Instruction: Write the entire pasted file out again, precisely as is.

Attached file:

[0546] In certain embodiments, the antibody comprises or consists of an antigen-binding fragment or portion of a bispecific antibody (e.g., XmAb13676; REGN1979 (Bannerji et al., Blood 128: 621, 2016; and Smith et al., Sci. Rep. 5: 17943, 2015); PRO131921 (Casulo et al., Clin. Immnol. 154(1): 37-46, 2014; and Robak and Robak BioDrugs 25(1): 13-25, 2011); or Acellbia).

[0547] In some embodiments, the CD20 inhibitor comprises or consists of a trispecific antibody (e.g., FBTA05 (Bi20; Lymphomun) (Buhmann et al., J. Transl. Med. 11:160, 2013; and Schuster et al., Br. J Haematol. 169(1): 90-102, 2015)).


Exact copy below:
[0546] In certain embodiments, the antibody comprises or consists of an antigen-binding fragment or portion of a bispecific antibody (e.g., XmAb13676; REGN1979 (Bannerji et al., Blood 128: 621, 2016; and Smith et al., Sci. Rep. 5: 17943, 2015); PRO131921 (Casulo et al., Clin. Immnol. 154(1): 37-46, 2014; and Robak and Robak BioDrugs 25(1): 13-25, 2011); or Acellbia).

[0547] In some embodiments, the CD20 inhibitor comprises or consists of a trispecific antibody (e.g., FBTA05 (Bi20; Lymphomun) (Buhmann et al., J. Transl. Med. 11:160, 2013; and Schuster et al., Br. J Haematol. 169(1): 90-102, 2015)).